Kalkan has a lovely local pebble beach just to the east of the harbour but if you fancy a change it’s worth making the effort to take the 10 minute dolmus trip round to Kaputas beach which is a gorgeous if somewhat busy sandy cove at the foot of a mountain gorge. It’s only 150m long and the only way up and down is via a considerable number of steps. There are loungers, sun umbrellas and a cafe. The sea here is a brilliant shade of azure blue with bright turquoise shallows at the water’s edge.
 
PATARA BEACH
Patara beach is stunning and makes an enjoyable visit as well as the nearby ancient site of Patara, with its gorgeous landscape and great swimming.  Part of a national park, it is a key biodiversity area, rich in birdlife and the breeding ground of the endangered loggerhead turtle (caretta caretta).  Luckily the beach has been declared off-limits for development because of the turtles, they are nearing extinction and protection of their nesting sites on the Turkish coast is very important.  The beach is closed after sunset from May to October to give the turtles peace in which to lay their eggs as it is the second most important turtle nesting beach in Turkey.
 

SIDYMA (review submitted by guest)
Sidyma is a less frequented site - . Its a scenic winding journey over mountain roads - perhaps what puts many off. The road has been improved in recent years, the last section is still a dirt track but quite passable in the car.
The village encompasses part of the long distance hiking path - The Lycian way. We parked in the main square amongst the trees, wondering where to go but soon a lady from the village greeted us and showed us the main ruins of the area - I doubt we would have known where to look without her - she took us over stones walls and fields to proudly show us the ancient relics. Note the double tomb of a father and son, one of the occupants was a court physician honoured by the emperors. Sidyma is totally unspoilt, a rare chance to see a Lycian site much like those seen by the first European explorers. The village of Dodurga has been charmingly built among the remains too incorporating pillars as props in some places. The village mosque has been made out of the stones too and look out for the inscription on its back wall referring to the deities Xanthos was one of the six principal cities of Lycia - the capital city of Lycia for much of its history too - so this site within easy reach of Kalkan (by trip or Dolmus) is a definite must. It is one of the most remarkable archaeological sites in Turkey and hence has been registered in the UNESCO World Heritage Sites list. Lots of info on the web site but of note are the pilar tombs (unique to Lycia) and the Harpy column tomb with frieze - original in the British museum thank to the site's discover, Charles Fellows. I really must have a visit there next time in London to see the best artifacts such as the Nereid Monument, a very large and elaborate Lycian tomb dating from about 380 BC.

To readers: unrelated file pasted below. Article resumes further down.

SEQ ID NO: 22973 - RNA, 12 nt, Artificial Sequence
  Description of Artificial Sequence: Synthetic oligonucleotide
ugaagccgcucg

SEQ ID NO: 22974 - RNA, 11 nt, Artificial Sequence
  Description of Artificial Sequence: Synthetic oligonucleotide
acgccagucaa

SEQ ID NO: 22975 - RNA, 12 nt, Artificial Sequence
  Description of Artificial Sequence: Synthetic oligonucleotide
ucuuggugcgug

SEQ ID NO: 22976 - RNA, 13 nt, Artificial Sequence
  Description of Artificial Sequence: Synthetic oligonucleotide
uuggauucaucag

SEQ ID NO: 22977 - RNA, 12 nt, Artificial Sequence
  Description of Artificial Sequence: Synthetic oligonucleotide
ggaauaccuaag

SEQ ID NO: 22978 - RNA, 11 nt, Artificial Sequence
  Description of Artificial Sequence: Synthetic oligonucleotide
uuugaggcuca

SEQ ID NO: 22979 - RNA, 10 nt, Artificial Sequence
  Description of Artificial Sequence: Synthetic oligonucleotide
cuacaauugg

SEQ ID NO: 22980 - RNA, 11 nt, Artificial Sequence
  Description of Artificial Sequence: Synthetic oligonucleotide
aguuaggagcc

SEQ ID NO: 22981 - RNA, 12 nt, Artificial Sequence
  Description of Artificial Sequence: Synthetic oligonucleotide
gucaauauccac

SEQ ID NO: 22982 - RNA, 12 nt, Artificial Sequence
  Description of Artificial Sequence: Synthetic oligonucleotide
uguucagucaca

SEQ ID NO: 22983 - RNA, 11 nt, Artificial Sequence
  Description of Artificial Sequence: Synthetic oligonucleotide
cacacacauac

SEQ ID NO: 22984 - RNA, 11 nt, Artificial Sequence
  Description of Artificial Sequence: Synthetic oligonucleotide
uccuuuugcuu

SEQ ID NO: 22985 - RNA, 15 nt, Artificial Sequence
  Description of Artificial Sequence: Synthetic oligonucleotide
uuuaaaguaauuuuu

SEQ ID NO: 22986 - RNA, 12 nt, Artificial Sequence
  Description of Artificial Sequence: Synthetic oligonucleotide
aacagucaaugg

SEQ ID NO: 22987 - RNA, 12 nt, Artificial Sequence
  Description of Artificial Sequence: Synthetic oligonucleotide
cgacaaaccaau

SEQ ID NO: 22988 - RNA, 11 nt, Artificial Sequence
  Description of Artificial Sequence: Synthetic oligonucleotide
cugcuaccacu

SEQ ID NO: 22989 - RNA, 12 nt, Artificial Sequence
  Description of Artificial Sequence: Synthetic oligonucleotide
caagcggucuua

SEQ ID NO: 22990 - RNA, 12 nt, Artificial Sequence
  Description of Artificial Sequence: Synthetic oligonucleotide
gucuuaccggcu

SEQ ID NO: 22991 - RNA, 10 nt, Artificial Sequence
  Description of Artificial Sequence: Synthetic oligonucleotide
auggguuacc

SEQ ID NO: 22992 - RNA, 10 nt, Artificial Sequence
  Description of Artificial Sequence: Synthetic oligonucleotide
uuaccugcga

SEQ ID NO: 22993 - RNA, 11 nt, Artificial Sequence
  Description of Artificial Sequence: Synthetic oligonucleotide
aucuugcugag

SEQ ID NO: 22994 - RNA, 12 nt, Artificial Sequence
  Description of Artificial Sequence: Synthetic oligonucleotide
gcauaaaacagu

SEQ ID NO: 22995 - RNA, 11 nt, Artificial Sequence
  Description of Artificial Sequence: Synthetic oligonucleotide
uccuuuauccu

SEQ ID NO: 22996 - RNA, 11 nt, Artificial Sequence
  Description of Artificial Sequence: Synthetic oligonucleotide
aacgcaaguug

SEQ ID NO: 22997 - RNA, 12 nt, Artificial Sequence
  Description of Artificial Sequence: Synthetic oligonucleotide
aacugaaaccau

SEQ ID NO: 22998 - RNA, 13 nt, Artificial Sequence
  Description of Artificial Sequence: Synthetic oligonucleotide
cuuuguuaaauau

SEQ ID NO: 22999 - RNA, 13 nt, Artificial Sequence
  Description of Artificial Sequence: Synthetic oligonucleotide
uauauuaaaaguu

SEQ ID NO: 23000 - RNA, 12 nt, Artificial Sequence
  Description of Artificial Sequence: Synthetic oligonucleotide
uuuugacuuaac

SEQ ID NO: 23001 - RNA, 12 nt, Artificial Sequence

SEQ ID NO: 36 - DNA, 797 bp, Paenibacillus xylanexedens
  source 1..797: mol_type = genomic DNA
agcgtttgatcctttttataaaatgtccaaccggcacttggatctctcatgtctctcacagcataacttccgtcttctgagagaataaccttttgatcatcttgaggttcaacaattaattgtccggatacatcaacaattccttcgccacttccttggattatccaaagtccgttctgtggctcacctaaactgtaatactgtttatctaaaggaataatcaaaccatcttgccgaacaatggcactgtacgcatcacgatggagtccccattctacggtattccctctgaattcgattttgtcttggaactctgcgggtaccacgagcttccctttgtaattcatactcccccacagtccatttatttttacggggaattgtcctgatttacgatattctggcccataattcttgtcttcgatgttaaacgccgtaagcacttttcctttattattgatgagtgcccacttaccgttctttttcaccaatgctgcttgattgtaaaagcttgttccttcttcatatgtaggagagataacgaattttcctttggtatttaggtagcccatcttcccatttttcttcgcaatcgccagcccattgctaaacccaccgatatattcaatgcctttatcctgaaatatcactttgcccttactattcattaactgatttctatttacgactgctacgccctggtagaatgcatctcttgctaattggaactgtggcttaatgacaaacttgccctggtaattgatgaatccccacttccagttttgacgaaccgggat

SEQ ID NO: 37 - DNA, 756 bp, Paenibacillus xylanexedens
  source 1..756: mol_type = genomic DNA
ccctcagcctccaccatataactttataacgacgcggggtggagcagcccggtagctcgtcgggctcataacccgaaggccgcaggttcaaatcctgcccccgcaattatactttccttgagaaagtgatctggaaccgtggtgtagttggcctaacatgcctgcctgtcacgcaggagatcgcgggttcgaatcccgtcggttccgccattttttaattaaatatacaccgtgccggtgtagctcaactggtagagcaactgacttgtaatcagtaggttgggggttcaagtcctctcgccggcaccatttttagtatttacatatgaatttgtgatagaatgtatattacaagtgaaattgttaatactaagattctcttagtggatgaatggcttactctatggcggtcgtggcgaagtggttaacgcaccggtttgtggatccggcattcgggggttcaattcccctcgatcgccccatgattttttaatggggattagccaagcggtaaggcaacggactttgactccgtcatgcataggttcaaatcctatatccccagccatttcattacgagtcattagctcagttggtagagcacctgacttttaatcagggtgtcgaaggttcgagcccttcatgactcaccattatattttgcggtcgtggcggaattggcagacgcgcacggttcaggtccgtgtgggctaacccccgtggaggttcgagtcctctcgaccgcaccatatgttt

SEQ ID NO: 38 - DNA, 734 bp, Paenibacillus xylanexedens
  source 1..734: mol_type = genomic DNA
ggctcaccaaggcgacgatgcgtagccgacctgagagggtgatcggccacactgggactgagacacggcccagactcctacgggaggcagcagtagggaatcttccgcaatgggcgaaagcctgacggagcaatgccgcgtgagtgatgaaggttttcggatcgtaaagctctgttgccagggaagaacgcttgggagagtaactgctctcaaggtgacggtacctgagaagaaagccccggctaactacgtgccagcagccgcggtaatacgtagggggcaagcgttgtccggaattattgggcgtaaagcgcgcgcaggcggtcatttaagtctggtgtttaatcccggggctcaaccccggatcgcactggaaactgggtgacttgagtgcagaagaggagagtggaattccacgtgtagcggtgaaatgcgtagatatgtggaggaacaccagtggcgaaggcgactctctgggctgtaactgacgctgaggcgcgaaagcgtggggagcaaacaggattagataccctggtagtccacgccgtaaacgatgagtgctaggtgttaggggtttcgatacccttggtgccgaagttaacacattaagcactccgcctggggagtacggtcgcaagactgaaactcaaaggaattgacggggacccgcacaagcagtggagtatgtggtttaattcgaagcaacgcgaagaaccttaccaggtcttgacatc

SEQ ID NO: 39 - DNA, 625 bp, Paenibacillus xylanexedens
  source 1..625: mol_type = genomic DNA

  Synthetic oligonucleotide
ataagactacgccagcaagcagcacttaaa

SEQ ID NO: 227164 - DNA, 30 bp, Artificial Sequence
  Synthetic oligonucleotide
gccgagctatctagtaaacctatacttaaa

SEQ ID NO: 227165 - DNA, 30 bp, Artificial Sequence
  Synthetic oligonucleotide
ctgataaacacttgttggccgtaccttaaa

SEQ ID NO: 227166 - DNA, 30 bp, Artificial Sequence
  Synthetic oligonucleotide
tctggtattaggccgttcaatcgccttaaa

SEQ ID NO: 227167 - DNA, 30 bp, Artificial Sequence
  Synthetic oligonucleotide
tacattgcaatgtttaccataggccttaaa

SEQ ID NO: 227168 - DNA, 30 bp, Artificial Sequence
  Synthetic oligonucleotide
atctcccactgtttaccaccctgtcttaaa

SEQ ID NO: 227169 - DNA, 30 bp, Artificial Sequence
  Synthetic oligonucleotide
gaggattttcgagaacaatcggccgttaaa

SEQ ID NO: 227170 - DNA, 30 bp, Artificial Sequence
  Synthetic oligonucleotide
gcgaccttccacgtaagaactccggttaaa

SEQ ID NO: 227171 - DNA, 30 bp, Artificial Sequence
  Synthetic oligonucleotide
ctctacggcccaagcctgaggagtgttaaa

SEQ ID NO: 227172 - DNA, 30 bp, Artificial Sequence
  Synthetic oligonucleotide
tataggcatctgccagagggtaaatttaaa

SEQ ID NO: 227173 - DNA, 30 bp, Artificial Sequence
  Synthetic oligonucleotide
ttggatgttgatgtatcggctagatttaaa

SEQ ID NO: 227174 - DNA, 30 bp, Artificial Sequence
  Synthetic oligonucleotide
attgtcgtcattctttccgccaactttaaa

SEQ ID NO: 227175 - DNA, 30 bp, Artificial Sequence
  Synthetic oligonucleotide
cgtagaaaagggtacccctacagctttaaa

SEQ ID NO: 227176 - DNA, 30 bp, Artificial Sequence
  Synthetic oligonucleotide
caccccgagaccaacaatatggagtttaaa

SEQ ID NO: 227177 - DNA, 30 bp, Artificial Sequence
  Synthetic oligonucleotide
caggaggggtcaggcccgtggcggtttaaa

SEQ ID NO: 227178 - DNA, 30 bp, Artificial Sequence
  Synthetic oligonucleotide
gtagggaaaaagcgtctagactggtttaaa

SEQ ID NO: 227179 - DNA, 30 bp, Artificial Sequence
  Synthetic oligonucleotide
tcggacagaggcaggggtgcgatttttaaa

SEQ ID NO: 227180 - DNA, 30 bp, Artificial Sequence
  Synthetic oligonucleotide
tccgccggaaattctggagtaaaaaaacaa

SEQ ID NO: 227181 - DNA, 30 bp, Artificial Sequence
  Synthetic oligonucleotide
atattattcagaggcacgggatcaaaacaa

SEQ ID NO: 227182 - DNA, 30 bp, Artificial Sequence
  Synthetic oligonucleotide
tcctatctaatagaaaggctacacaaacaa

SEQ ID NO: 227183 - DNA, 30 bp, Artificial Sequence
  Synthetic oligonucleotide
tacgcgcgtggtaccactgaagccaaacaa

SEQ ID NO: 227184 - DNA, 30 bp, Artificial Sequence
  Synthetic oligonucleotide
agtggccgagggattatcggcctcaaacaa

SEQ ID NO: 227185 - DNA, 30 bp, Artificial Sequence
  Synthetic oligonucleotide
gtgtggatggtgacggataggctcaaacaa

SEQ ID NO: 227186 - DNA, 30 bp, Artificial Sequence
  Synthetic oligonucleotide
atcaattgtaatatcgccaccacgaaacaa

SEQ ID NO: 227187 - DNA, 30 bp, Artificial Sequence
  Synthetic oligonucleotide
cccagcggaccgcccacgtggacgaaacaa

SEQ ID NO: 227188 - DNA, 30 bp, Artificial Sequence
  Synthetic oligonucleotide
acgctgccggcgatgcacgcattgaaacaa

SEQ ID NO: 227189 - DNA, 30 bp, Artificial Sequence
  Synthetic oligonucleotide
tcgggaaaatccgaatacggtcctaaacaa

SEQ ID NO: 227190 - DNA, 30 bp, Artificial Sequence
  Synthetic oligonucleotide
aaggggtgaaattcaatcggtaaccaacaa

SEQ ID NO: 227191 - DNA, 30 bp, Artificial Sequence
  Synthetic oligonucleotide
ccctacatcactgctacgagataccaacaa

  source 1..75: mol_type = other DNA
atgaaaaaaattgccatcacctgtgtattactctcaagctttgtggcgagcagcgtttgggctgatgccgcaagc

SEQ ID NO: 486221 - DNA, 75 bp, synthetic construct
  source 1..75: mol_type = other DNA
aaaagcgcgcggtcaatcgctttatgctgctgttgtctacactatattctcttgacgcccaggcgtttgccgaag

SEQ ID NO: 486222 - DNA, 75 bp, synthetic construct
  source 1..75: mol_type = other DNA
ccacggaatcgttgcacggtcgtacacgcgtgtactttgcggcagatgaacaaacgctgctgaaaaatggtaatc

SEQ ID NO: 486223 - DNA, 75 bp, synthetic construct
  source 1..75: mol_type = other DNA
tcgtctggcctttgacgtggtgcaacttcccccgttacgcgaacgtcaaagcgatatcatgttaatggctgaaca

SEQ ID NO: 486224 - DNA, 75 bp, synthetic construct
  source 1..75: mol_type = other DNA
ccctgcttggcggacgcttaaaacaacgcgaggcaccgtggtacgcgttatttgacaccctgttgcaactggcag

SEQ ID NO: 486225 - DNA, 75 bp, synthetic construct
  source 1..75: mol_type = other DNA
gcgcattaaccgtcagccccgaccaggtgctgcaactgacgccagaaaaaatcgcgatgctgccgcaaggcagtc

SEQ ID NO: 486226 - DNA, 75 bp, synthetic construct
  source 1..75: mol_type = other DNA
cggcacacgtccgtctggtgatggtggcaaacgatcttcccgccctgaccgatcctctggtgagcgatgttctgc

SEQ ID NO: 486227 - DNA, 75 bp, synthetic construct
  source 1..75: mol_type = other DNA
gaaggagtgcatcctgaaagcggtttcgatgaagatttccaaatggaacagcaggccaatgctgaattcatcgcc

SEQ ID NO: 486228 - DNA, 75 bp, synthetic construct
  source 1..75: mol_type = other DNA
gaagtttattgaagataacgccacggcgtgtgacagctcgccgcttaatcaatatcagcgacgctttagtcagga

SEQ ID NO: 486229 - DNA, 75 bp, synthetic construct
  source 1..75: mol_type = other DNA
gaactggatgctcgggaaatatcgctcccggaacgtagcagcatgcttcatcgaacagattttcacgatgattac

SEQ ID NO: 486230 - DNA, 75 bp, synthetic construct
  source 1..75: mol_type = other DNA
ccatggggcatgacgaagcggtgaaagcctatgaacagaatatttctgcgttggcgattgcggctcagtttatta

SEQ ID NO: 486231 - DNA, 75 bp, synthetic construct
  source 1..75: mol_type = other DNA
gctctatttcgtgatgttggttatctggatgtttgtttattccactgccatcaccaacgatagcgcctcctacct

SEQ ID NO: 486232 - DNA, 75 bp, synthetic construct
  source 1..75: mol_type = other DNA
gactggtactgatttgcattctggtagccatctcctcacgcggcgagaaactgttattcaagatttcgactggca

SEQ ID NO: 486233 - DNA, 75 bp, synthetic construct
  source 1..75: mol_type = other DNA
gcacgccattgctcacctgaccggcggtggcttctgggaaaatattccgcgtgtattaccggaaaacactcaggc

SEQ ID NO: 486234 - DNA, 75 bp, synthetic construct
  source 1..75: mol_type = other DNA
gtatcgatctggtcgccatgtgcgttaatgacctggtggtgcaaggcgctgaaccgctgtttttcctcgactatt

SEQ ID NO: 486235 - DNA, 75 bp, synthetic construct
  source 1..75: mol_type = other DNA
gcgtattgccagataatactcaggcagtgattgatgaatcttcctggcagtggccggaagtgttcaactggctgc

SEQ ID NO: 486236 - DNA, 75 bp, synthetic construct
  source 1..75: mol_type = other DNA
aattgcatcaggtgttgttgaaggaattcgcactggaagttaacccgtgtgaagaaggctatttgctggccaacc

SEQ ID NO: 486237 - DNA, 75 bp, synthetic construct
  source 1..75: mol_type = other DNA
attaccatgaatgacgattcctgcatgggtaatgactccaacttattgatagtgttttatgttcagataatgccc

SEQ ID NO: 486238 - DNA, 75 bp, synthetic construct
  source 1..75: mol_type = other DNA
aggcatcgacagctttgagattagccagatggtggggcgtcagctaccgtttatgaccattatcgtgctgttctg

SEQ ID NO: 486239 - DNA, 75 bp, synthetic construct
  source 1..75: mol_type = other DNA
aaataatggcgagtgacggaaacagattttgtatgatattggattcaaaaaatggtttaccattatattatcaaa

The "Harpy Tomb" is so called as it was believed that the winged women figures in the frieze were harpies (monsters from Greek mythology with the head of a woman and the body of a bird).
As well as many tombs there is also an Amphitheatre, dating from the 2nd century AD, recently excavated street, once lined with shops on both sides and probably once spanned by an arched gate. At the south-east of the excavated road are the remains of an arcade of shops and a Byzantine Basilica - so plenty to see here.

 
SAKLIKENT GORGE